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Commenting on Africa’s participation at the conference and the continent’s development in general Egypt’s representative at Expo 2020, Ahmed Maghawry Diab, who is also an official from the country’s Ministry of Trade and Industry said, "...the world has started to look at Africa and rediscover it…the continent has a lot of difficulties, but it has also started to develop."

Another optimist for the continent’s development and what it has to offer is Dr. Levi Uche Madueke, Head of the African Union (AU) Strategic Partnerships Office and AU Commissioner General for Expo 2020 said, “…Africa is undergoing a dynamic socio-economic and political transformation. There is a lot happening on the continent but the world is yet to hear all about it. It is time to take charge of Africa’s narrative and reclaim its rightful place in the global arena.”…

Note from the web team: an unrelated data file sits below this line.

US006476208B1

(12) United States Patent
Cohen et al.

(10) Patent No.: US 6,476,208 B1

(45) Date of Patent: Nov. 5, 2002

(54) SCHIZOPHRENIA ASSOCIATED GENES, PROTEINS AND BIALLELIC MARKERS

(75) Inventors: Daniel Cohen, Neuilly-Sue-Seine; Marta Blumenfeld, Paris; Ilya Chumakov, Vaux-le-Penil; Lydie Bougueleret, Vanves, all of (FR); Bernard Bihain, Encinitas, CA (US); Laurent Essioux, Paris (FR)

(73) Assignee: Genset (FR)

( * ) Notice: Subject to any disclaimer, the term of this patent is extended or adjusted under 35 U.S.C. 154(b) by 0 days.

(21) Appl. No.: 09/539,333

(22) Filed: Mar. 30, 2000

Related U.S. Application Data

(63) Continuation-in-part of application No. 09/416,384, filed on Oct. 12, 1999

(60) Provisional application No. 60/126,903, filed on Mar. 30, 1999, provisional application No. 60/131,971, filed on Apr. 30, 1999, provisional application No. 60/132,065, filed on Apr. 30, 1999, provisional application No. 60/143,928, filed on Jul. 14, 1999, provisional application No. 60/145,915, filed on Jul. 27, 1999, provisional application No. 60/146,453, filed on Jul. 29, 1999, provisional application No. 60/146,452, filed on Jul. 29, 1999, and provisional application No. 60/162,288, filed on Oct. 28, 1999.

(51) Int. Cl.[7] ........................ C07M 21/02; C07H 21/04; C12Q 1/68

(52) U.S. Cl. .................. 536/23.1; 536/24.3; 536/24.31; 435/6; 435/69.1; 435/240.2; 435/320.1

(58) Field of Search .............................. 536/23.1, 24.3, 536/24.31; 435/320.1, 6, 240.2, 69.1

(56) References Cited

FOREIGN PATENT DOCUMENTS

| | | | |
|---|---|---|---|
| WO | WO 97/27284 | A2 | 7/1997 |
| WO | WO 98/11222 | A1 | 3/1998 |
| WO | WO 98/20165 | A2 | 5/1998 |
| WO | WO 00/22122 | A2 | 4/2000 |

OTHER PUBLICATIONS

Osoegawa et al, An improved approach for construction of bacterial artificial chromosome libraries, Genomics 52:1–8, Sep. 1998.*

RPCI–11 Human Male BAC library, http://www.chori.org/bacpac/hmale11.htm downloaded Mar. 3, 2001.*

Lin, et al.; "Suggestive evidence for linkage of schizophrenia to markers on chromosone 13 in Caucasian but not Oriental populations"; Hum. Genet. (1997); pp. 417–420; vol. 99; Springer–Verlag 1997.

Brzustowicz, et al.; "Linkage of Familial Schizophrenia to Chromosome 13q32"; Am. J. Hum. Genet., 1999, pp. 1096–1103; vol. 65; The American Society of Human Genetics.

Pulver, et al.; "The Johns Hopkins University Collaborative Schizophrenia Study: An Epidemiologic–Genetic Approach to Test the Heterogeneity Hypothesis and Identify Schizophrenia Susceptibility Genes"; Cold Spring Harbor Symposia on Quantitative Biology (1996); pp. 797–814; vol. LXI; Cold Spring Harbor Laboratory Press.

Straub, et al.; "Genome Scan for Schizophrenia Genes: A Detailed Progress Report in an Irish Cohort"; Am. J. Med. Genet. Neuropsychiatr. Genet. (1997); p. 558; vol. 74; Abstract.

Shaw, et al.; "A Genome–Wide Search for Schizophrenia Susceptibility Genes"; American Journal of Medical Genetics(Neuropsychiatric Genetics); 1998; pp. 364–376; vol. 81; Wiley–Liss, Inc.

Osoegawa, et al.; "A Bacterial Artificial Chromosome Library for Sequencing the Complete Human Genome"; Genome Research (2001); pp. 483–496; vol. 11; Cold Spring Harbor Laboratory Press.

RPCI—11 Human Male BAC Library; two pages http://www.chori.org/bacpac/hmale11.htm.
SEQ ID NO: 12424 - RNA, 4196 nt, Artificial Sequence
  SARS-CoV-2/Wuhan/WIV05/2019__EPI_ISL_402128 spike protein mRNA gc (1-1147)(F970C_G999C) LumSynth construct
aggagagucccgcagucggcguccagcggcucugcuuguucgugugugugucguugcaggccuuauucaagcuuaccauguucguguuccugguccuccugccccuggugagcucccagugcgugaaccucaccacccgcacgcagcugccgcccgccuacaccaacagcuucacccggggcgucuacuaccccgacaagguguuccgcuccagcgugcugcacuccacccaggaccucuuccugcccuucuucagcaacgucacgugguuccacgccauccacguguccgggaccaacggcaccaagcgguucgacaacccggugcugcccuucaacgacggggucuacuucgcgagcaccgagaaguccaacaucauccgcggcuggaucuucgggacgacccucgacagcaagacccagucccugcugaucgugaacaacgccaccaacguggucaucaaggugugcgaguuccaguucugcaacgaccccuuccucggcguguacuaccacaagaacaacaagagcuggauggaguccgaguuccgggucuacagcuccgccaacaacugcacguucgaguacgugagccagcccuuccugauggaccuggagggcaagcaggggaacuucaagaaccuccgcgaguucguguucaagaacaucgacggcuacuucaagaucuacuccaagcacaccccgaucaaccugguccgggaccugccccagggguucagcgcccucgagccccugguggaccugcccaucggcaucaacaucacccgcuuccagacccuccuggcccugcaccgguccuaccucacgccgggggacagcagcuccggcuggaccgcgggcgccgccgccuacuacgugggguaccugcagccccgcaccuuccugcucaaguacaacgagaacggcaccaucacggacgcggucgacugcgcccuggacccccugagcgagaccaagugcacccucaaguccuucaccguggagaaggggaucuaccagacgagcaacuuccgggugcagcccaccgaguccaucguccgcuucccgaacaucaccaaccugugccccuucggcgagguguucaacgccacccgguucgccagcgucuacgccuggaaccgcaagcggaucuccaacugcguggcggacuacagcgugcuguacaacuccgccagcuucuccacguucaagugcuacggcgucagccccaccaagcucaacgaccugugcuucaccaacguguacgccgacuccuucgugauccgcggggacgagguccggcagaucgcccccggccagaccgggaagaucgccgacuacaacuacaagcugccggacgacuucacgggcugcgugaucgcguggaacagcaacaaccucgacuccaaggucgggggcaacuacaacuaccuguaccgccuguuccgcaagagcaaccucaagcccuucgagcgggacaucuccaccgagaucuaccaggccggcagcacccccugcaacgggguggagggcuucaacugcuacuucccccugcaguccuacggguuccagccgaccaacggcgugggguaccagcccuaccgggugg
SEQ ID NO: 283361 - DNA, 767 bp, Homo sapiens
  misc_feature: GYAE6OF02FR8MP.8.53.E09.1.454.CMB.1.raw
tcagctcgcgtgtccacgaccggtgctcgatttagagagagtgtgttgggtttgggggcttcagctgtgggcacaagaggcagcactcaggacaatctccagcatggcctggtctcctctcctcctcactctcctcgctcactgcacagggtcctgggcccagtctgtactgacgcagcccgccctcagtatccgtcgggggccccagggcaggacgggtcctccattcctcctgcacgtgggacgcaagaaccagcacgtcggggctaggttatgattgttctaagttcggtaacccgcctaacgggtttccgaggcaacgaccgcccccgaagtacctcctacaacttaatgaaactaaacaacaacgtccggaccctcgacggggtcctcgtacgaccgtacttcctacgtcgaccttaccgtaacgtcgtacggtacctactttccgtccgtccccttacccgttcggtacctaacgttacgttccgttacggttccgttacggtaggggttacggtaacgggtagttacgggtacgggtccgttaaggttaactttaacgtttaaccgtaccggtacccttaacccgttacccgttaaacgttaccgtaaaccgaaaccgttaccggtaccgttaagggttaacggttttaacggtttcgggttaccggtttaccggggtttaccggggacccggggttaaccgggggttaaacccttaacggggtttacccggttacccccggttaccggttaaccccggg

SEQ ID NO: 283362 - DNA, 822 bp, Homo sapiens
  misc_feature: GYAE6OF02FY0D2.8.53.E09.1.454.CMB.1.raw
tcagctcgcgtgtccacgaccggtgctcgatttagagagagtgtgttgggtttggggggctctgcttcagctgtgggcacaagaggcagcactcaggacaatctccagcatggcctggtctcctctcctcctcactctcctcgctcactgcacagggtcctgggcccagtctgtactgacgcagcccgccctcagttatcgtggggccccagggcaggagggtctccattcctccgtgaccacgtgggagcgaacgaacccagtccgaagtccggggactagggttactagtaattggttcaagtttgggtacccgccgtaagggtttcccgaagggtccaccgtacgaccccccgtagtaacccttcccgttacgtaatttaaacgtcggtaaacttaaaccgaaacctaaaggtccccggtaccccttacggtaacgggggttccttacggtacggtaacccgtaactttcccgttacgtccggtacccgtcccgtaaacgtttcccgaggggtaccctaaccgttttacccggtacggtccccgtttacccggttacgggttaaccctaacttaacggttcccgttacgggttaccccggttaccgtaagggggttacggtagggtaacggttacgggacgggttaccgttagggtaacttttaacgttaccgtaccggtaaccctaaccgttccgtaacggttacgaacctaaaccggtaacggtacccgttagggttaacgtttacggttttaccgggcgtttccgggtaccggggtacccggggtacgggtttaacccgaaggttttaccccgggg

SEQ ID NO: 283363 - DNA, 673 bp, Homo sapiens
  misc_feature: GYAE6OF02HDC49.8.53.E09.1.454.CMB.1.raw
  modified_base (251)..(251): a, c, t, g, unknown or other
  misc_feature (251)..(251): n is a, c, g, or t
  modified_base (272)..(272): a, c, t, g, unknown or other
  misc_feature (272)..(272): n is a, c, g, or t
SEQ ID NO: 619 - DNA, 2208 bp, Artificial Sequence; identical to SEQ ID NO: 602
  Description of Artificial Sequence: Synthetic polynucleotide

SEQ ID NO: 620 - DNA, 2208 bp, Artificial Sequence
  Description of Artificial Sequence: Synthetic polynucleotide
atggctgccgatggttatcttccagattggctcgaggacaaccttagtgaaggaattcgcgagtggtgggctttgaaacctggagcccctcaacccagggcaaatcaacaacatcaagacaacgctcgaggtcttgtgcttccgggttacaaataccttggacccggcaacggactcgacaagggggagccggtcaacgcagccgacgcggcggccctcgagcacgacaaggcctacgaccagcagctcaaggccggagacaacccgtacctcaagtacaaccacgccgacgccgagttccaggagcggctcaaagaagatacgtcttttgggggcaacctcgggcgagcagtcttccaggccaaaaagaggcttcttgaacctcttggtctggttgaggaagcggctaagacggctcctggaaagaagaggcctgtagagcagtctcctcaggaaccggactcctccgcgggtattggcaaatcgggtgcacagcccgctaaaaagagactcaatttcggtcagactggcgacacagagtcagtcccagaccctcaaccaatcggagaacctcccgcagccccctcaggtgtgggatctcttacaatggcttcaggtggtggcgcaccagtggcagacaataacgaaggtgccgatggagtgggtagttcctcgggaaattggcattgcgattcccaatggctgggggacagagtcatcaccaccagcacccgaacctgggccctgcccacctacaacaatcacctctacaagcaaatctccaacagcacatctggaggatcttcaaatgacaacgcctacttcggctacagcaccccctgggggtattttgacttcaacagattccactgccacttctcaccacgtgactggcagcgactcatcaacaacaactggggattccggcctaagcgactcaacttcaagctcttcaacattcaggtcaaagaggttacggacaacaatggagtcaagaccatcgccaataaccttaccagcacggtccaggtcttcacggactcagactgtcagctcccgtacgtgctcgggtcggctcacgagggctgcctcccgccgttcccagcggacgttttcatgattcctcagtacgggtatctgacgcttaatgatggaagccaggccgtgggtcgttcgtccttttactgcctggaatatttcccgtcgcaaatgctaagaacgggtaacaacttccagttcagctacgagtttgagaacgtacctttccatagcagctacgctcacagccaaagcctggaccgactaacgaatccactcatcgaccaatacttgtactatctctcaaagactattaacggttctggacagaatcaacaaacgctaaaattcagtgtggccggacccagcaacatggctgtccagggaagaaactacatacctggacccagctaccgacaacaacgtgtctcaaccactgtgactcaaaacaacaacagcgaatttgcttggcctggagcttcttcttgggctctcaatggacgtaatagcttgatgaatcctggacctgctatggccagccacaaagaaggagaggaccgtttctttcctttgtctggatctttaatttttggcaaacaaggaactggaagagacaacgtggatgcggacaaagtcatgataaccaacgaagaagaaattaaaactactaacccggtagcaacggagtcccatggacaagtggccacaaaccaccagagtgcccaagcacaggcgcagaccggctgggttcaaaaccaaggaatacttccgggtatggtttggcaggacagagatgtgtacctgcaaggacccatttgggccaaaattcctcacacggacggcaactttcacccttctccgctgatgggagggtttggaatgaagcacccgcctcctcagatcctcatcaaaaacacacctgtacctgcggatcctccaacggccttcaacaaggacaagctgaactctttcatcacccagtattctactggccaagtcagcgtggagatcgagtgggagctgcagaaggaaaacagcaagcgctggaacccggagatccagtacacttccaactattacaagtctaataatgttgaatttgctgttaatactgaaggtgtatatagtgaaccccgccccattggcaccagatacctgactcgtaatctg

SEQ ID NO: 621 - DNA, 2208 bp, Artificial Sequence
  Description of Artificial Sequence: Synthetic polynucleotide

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Children using a smoky lamp to study. More than 50 per cent of Sub-Saharan population is without electricity.

More than half of Sub-Saharan Africa’s population still does not have access to electricity according to a March 2020 report by the IMF. This means that the potential of the energy sector in Africa is immense since industry, education, healthcare and many other aspects of the economy cannot be fully exploited without power. 

In addition to inadequate power, those in Sub-Saharan Africa (SSA) have to pay on average nearly twice as much for electricity in comparison to consumers elsewhere in the world.  Even with power for the 50 per cent of the population, power shortages cost the continent an estimated 2 to 4 per cent of GDP a year.  …